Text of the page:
A number of poll results show overwhelming support for expanding broadband access in U.S. schools.
“Americans don’t see this just as an education issue–they see this advance in technology as an economic issue,” Benenson said. In fact, he added, a high level of voters indicated that they are concerned the U.S. is not doing enough to train the next generation of innovators.
1. In fact, more than 80 percent of the 800 registered voters surveyed said they are “very concerned” about the lack of resources and technology, including high-speed internet connections, and the implications for students’ ability to compete in a global workforce.
2. Eighty-three percent said they support making high-speed internet available in U.S. schools within 5 years.
3. When faced with a proposal to add a $4 fee to every cell phone user’s bill for three years to fund a high-speed internet program for U.S. public schools, support for such a program still remains in the majority, at 69 percent.
4. Forty percent of survey participants also gave a “C” grade to the job schools are doing to prepare students for 21st century jobs.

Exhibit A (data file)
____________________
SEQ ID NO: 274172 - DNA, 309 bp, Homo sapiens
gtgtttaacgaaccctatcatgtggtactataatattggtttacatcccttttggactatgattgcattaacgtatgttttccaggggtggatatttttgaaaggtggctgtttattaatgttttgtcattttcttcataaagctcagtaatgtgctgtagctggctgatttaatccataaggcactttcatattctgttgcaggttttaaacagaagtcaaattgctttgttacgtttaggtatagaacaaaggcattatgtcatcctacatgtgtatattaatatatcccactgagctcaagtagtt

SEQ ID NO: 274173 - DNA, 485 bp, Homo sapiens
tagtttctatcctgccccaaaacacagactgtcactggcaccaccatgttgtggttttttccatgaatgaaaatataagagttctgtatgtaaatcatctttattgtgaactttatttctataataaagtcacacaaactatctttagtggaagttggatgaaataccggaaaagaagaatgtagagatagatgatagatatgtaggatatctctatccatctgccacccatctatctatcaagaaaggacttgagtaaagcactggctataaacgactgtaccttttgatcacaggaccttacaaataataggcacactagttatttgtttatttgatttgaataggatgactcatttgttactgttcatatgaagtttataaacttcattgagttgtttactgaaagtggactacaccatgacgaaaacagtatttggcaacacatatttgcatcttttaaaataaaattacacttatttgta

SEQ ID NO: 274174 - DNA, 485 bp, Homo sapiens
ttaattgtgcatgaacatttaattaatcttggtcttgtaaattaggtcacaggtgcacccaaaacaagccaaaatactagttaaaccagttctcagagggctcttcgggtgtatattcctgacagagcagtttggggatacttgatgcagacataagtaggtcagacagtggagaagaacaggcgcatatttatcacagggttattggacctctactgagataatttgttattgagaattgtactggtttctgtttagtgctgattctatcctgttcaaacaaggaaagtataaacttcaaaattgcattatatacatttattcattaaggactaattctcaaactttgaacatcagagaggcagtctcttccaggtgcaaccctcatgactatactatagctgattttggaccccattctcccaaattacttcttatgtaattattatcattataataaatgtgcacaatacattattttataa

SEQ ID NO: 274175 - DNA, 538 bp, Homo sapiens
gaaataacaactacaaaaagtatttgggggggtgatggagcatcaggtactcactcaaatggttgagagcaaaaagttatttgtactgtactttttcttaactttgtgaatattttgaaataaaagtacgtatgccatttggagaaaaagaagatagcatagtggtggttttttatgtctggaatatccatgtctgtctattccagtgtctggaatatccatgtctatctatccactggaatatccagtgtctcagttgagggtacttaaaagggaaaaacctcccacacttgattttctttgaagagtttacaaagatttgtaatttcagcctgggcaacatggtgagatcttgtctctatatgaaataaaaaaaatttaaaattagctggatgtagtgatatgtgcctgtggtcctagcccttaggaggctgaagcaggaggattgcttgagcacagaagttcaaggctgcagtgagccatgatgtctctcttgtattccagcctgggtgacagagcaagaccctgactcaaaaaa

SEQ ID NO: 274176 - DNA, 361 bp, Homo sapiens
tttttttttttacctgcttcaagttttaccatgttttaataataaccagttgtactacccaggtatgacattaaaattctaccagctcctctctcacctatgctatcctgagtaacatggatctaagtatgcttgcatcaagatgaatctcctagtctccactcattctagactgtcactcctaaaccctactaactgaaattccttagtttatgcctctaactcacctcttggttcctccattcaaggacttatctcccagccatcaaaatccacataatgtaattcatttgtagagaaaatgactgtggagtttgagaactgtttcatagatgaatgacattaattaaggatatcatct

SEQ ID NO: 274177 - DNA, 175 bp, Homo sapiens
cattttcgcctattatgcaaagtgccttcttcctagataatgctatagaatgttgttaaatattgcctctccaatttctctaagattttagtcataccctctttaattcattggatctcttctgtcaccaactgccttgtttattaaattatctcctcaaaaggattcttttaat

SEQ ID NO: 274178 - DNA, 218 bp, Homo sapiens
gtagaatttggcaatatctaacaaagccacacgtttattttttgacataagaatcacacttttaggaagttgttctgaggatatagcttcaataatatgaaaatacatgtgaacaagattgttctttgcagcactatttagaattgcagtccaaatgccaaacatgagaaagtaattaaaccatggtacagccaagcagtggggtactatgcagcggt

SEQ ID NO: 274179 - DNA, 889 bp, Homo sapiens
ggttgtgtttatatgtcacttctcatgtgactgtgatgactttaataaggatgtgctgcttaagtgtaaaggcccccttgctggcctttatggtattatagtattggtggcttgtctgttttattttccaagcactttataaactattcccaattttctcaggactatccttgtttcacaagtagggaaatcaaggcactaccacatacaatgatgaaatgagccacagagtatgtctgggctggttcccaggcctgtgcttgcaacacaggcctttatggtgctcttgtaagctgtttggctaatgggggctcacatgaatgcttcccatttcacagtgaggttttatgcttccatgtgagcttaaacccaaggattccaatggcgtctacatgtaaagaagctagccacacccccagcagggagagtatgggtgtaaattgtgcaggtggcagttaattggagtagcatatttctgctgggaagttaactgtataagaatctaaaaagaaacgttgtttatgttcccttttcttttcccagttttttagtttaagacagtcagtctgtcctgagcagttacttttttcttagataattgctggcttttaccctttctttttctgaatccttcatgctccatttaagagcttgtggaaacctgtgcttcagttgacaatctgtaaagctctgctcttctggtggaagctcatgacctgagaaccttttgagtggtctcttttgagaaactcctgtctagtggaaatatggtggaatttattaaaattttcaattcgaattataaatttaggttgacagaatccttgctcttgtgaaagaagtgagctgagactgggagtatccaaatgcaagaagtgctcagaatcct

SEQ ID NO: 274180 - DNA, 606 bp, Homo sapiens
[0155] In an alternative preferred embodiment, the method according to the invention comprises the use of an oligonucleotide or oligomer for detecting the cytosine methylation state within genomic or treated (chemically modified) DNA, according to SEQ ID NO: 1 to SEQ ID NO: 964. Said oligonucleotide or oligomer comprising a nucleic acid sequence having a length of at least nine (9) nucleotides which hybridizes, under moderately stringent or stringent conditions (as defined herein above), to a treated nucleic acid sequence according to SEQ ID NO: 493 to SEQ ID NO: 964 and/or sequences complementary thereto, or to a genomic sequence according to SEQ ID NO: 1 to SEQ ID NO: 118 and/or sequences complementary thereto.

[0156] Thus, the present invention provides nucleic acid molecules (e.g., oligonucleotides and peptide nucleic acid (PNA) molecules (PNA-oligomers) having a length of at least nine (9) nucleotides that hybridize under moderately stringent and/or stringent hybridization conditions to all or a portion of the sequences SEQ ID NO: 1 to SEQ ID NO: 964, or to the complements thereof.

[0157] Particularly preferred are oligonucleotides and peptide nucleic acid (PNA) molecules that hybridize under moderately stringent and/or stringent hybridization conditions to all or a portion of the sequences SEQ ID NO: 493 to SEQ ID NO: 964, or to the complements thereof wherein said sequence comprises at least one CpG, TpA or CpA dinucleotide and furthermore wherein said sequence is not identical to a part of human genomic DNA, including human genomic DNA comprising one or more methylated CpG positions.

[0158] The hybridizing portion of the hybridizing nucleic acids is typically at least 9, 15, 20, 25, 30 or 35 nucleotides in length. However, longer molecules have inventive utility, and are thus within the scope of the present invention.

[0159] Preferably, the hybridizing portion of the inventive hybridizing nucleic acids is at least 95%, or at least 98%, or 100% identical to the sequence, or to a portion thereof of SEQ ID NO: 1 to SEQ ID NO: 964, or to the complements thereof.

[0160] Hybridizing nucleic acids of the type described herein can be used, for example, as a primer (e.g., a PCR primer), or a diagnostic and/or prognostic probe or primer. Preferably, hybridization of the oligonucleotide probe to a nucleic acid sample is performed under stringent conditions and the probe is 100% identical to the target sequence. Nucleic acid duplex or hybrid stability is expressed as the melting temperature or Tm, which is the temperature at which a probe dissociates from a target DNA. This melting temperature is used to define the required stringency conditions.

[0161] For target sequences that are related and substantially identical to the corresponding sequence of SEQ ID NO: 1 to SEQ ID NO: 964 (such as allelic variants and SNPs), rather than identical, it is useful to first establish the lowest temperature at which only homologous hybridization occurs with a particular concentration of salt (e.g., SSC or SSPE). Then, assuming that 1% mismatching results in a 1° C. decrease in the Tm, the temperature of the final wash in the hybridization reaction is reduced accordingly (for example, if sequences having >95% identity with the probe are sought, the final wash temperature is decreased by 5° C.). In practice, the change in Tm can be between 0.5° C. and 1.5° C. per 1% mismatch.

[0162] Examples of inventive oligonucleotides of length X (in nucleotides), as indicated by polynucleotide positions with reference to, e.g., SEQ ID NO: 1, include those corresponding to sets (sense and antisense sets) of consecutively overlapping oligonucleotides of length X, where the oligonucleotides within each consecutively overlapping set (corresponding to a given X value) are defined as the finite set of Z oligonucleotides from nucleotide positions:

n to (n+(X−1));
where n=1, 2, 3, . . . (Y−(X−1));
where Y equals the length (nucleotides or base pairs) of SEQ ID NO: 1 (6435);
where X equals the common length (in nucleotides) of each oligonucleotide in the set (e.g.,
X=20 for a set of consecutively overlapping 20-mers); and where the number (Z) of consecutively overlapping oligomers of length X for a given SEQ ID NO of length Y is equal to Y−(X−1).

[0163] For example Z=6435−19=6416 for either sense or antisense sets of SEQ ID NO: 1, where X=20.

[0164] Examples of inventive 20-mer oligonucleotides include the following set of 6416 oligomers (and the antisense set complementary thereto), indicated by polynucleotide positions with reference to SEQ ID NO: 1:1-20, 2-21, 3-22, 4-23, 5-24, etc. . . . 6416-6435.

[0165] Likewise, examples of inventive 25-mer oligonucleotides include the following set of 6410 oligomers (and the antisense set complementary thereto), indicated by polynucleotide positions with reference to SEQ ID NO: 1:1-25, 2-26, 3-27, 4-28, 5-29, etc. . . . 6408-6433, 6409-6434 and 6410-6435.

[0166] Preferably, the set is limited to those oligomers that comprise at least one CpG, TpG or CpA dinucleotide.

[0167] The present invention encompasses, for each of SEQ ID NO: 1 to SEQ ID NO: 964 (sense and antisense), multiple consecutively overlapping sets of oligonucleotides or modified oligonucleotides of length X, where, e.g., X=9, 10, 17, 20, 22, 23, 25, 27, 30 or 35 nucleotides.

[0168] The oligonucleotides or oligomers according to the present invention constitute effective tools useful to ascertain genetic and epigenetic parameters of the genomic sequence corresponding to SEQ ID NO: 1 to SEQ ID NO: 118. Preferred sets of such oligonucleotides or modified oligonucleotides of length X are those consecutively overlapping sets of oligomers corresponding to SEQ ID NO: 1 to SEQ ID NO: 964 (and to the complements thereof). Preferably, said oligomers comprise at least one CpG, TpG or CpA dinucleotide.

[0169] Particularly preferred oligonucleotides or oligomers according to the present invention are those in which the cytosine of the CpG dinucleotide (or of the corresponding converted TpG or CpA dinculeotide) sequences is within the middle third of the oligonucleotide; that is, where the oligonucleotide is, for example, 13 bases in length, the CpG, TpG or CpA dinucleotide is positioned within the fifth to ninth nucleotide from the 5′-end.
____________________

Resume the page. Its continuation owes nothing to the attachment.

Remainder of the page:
5. Six in 10 voters said they believe that empowering and enabling teachers to incorporate technology in their instruction and teach students the skills they’ll need for 21st century jobs is a key reason to expand broadband access.
6. Ninety percent of respondents said that high-speed internet improves the quality of each child’s education because it gives them access to new learning resources, online tools, foreign language instruction, college prep tools, and distance learning opportunities.
7. Broadband access in school provides critical resources to the vast number of children living without internet at home and without high-speed internet access in school.
“We understand that all American students and teachers need resources to compete in the 21st century,” said LEAD Commissioner and Co-Founder of TPG Capital Jim Coulter. “Building high-speed internet access in all American public schools offers students the keys to succeed–regardless of zip code. The LEAD Commission remains committed to the administration’s efforts to strengthen the critical infrastructure that is required to shape a successful digital learning system for our students and country.”